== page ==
Spain, in particular, is well behind in its actions to help stave off a critical two degree safety limit rise put in place by the 2015 Paris agreement.
Once this rise has been reached scientists claim the globe reaches a ‘point of no return’ and damage is irreversible.
But while the EU has committed to a 40% reduction in emissions by 2030 compared to 1990 levels, Spain is not doing enough.
It currently ranks at 21st out of the 28 countries of Europe in its policies to combat climate change.
However, the UN has collectively criticised all governments for not doing enough.
“A year after the Paris agreement came into force, we still find ourselves in a situation where we are not doing nearly enough to save hundreds of millions of people from a miserable future,” said Erik Solheim, head of UN Environment.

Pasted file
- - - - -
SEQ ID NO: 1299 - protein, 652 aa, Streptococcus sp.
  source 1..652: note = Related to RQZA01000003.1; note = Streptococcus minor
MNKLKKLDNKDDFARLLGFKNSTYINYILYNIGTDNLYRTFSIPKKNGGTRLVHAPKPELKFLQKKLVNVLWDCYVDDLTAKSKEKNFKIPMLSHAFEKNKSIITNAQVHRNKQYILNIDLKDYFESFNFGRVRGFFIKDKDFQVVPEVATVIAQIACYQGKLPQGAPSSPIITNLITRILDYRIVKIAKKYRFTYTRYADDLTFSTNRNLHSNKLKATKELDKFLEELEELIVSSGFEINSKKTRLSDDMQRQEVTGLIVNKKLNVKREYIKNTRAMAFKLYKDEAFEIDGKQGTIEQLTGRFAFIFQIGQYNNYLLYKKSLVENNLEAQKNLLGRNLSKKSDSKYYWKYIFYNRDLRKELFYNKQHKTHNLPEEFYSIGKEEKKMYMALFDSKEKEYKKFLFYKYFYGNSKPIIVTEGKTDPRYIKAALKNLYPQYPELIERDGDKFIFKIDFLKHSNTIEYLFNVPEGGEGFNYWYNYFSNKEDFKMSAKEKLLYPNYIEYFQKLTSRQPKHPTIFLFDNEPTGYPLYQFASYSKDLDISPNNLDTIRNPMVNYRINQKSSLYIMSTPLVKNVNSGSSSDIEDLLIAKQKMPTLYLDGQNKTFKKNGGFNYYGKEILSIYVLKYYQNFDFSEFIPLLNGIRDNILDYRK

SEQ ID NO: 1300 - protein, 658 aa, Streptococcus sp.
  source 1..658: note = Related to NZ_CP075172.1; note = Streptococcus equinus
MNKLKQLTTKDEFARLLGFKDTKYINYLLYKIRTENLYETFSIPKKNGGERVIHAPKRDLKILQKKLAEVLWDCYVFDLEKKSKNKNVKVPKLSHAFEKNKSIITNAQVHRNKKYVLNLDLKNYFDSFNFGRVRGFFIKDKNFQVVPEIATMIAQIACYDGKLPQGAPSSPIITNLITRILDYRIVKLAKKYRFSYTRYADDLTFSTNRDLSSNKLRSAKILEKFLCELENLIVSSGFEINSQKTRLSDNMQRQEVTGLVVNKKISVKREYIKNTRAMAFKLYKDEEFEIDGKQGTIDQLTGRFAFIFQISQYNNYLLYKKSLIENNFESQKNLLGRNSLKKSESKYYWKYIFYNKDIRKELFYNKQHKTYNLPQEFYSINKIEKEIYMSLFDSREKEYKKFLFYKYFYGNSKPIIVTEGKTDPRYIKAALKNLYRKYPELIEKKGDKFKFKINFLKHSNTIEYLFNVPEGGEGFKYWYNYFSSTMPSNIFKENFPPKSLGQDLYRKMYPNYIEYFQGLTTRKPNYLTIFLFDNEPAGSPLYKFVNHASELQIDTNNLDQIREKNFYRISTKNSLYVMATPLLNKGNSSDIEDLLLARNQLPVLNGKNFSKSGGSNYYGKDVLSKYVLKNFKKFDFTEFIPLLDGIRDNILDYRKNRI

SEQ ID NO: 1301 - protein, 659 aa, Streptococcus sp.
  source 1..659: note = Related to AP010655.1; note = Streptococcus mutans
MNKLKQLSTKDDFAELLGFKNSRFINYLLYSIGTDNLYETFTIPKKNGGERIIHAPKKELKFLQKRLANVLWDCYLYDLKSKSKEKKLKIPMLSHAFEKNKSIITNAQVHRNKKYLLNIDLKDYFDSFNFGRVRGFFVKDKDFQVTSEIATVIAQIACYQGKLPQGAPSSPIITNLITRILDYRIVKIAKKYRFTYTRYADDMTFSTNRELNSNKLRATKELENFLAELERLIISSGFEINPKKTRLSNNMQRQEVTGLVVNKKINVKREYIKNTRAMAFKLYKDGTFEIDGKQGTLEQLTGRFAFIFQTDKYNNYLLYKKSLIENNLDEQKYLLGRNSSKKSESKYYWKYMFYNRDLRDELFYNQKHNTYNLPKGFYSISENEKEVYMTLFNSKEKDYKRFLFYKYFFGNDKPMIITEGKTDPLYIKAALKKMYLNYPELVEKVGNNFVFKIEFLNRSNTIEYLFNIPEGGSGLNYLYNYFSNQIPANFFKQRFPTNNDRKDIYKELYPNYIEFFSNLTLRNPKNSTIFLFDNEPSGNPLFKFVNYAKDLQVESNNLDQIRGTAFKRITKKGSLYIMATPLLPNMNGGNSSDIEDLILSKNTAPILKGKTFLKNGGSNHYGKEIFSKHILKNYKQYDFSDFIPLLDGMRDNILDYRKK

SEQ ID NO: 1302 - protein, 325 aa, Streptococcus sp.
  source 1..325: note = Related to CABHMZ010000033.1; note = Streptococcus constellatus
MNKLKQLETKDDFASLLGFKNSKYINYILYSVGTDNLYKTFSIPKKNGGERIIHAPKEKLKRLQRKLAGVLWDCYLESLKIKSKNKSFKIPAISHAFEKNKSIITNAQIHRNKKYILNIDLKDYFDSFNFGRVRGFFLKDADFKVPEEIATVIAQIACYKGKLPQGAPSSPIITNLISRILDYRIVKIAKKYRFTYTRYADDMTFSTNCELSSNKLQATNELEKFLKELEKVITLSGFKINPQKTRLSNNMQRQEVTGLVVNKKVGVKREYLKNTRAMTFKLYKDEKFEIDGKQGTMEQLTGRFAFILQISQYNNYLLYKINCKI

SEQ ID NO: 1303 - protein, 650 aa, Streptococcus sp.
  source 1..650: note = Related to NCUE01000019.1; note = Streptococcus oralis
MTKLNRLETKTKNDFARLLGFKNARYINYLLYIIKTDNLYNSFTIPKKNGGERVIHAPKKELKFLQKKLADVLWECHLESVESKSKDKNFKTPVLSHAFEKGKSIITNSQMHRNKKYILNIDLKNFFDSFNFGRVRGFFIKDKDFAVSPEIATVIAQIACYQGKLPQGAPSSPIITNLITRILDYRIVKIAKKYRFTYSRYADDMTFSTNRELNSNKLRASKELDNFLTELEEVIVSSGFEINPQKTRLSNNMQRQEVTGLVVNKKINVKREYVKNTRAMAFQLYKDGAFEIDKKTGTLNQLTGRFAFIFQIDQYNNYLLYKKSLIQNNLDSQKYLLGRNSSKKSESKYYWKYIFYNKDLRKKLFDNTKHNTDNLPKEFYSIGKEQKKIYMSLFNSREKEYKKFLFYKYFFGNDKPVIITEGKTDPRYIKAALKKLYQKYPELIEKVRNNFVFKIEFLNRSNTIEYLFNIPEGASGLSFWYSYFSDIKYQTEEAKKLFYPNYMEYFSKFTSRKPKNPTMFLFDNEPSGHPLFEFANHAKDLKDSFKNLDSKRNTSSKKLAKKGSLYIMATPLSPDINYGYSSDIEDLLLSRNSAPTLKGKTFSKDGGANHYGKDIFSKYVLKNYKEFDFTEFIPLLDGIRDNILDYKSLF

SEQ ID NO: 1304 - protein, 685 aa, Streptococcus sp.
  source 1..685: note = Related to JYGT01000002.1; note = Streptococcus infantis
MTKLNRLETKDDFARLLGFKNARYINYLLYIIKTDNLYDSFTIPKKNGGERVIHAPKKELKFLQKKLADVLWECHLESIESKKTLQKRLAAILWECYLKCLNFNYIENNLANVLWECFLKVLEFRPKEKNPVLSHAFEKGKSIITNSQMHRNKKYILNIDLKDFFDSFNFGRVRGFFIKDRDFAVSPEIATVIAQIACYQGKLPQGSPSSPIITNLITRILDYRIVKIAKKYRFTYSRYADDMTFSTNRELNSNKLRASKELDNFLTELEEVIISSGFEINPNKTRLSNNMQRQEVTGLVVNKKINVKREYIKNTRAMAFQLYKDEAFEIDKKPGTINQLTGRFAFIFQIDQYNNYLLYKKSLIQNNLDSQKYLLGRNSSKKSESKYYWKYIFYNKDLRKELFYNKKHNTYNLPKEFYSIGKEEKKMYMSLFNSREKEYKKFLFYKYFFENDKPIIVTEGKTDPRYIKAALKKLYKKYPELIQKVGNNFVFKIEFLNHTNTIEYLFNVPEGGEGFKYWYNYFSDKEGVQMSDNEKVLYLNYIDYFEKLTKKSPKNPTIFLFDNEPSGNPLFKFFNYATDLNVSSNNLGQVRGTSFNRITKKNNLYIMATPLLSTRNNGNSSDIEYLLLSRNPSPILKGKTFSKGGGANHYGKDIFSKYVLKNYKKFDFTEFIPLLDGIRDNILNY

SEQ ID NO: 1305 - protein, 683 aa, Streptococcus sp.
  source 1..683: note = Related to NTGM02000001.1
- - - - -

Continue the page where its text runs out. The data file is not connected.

The annual review, which started in 2010, said pledges cover only one-third of the cuts needed by 2030 to keep levels below those in 2005.
However, it is not all bad as the report found that carbon dioxide emissions had remained steady since 2014.
The UN says that solar, wind, efficient appliances, planting more trees, and preventing deforestation would plug the gap.
The emissions gap does not cover the consequences of a US withdrawal from the accord and should that happen the picture will become bleaker.
In terms of ranking Sweden is the current European leader in cutting emissions, while the UK comes in fifth.